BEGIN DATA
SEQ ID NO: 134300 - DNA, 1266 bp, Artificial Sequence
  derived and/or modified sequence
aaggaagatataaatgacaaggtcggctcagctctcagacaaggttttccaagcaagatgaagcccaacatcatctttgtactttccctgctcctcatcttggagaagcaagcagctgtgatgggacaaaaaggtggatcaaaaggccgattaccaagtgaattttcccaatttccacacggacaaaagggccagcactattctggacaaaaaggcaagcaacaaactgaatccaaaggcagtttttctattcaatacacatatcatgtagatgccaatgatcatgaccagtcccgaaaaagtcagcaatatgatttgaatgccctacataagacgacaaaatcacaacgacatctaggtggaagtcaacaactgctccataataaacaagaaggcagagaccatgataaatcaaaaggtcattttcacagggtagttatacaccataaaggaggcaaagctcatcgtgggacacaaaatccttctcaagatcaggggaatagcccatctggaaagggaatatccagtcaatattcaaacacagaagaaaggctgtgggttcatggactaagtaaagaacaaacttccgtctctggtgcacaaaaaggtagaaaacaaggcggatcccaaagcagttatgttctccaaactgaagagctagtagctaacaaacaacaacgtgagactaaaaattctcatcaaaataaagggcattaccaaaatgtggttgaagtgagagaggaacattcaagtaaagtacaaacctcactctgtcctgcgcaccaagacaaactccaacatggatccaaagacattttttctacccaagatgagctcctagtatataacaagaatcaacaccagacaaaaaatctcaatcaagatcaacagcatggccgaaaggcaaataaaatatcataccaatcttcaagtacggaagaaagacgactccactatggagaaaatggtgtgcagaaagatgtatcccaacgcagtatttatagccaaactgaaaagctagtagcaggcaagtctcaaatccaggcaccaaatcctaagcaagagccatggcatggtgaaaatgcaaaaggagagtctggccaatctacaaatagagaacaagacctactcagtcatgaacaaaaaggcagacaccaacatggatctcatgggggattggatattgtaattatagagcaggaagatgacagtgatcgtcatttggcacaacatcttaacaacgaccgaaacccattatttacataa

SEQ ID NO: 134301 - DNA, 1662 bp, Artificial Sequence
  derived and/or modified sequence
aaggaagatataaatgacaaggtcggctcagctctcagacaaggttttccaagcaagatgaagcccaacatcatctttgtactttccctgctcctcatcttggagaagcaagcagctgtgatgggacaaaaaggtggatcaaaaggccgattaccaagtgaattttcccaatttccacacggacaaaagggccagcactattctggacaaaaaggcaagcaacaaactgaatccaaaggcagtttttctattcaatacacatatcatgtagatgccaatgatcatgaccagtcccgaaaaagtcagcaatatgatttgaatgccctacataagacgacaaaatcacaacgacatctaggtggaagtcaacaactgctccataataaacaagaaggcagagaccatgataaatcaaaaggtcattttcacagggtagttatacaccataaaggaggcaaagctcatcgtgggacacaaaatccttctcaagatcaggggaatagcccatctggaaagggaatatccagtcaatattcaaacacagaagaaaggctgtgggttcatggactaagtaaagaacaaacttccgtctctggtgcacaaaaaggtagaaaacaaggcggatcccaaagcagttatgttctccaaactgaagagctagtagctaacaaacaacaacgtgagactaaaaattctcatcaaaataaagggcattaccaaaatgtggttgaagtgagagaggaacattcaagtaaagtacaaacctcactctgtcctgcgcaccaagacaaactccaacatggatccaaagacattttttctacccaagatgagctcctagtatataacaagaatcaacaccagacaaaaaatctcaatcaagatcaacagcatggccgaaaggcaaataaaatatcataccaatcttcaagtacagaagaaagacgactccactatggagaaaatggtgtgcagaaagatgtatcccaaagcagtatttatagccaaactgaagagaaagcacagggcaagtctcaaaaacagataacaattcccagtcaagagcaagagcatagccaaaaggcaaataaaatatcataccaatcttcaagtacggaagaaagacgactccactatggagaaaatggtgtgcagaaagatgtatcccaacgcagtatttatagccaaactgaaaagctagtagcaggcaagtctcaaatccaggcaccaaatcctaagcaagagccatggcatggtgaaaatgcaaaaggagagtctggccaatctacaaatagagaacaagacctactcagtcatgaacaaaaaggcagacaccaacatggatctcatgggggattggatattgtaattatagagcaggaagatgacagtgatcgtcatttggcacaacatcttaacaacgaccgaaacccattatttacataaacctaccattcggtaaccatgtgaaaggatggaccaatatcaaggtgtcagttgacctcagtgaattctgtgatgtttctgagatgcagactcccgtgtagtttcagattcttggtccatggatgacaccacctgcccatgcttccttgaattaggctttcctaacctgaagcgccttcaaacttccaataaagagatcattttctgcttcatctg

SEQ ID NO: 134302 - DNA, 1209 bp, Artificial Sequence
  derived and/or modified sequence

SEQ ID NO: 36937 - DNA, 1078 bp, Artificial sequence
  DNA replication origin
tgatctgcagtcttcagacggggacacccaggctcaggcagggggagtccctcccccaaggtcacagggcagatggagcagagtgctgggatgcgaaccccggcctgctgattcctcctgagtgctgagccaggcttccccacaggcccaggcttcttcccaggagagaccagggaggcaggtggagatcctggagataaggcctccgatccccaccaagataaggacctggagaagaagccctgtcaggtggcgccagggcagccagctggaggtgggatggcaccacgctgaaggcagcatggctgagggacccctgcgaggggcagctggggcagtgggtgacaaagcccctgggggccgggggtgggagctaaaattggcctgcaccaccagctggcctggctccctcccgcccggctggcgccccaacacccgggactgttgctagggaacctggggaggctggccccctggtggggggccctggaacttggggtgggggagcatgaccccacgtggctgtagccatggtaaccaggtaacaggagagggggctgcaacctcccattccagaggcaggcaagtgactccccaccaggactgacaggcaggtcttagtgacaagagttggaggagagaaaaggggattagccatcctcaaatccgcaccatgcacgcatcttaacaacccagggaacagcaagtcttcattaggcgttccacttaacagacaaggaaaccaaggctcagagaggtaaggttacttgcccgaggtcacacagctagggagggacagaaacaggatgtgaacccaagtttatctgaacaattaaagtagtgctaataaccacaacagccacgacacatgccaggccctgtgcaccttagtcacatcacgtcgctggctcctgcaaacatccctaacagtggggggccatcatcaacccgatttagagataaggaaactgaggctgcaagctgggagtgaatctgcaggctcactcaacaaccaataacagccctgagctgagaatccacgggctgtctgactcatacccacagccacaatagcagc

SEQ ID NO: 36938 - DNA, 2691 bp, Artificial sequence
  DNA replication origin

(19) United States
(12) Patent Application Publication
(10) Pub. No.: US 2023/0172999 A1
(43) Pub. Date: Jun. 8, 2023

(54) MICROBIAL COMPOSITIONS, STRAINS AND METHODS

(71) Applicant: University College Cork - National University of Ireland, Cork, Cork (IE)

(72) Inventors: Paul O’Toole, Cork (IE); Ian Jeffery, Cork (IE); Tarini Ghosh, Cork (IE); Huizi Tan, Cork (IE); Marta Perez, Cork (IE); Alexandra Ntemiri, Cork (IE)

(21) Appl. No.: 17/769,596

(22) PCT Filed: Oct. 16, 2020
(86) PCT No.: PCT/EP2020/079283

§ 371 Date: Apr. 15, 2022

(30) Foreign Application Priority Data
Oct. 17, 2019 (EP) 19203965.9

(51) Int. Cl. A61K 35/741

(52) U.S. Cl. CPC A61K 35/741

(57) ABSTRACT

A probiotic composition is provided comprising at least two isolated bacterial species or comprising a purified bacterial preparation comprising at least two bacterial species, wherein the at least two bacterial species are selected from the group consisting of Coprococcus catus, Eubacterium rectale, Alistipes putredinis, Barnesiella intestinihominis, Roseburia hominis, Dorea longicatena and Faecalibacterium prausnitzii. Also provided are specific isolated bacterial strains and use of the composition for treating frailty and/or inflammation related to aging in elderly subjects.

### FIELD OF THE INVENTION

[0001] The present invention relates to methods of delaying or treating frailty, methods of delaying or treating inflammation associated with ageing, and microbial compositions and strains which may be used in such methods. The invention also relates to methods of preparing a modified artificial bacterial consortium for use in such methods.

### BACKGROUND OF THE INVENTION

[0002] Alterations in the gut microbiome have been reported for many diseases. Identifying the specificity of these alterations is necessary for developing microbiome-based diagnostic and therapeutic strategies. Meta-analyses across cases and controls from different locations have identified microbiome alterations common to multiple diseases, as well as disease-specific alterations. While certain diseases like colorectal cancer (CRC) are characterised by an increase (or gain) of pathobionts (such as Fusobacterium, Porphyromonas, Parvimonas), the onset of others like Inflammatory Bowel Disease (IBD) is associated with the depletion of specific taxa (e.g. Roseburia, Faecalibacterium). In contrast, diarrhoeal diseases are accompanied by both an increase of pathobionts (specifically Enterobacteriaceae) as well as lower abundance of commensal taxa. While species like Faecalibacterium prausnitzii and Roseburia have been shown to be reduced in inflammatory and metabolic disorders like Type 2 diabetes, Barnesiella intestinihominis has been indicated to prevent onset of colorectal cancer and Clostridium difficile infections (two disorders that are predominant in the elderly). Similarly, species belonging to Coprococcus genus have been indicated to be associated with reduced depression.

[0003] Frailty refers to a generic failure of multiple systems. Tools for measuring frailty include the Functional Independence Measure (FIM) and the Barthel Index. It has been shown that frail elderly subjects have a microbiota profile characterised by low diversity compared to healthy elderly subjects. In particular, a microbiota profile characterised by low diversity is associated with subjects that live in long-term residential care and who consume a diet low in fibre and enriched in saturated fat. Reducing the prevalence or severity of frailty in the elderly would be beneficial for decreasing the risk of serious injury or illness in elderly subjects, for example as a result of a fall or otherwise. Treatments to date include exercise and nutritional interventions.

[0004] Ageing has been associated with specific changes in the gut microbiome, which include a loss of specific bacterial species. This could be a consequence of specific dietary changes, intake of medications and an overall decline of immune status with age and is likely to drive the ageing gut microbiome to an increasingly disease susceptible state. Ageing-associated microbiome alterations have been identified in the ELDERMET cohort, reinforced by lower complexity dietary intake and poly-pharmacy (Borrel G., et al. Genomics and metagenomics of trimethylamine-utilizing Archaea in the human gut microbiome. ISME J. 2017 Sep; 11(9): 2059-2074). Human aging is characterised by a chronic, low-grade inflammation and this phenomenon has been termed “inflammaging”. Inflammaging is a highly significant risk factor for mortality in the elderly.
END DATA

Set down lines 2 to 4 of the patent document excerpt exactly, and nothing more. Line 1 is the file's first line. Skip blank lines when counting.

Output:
  derived and/or modified sequence
aaggaagatataaatgacaaggtcggctcagctctcagacaaggttttccaagcaagatgaagcccaacatcatctttgtactttccctgctcctcatcttggagaagcaagcagctgtgatgggacaaaaaggtggatcaaaaggccgattaccaagtgaattttcccaatttccacacggacaaaagggccagcactattctggacaaaaaggcaagcaacaaactgaatccaaaggcagtttttctattcaatacacatatcatgtagatgccaatgatcatgaccagtcccgaaaaagtcagcaatatgatttgaatgccctacataagacgacaaaatcacaacgacatctaggtggaagtcaacaactgctccataataaacaagaaggcagagaccatgataaatcaaaaggtcattttcacagggtagttatacaccataaaggaggcaaagctcatcgtgggacacaaaatccttctcaagatcaggggaatagcccatctggaaagggaatatccagtcaatattcaaacacagaagaaaggctgtgggttcatggactaagtaaagaacaaacttccgtctctggtgcacaaaaaggtagaaaacaaggcggatcccaaagcagttatgttctccaaactgaagagctagtagctaacaaacaacaacgtgagactaaaaattctcatcaaaataaagggcattaccaaaatgtggttgaagtgagagaggaacattcaagtaaagtacaaacctcactctgtcctgcgcaccaagacaaactccaacatggatccaaagacattttttctacccaagatgagctcctagtatataacaagaatcaacaccagacaaaaaatctcaatcaagatcaacagcatggccgaaaggcaaataaaatatcataccaatcttcaagtacggaagaaagacgactccactatggagaaaatggtgtgcagaaagatgtatcccaacgcagtatttatagccaaactgaaaagctagtagcaggcaagtctcaaatccaggcaccaaatcctaagcaagagccatggcatggtgaaaatgcaaaaggagagtctggccaatctacaaatagagaacaagacctactcagtcatgaacaaaaaggcagacaccaacatggatctcatgggggattggatattgtaattatagagcaggaagatgacagtgatcgtcatttggcacaacatcttaacaacgaccgaaacccattatttacataa

SEQ ID NO: 134301 - DNA, 1662 bp, Artificial Sequence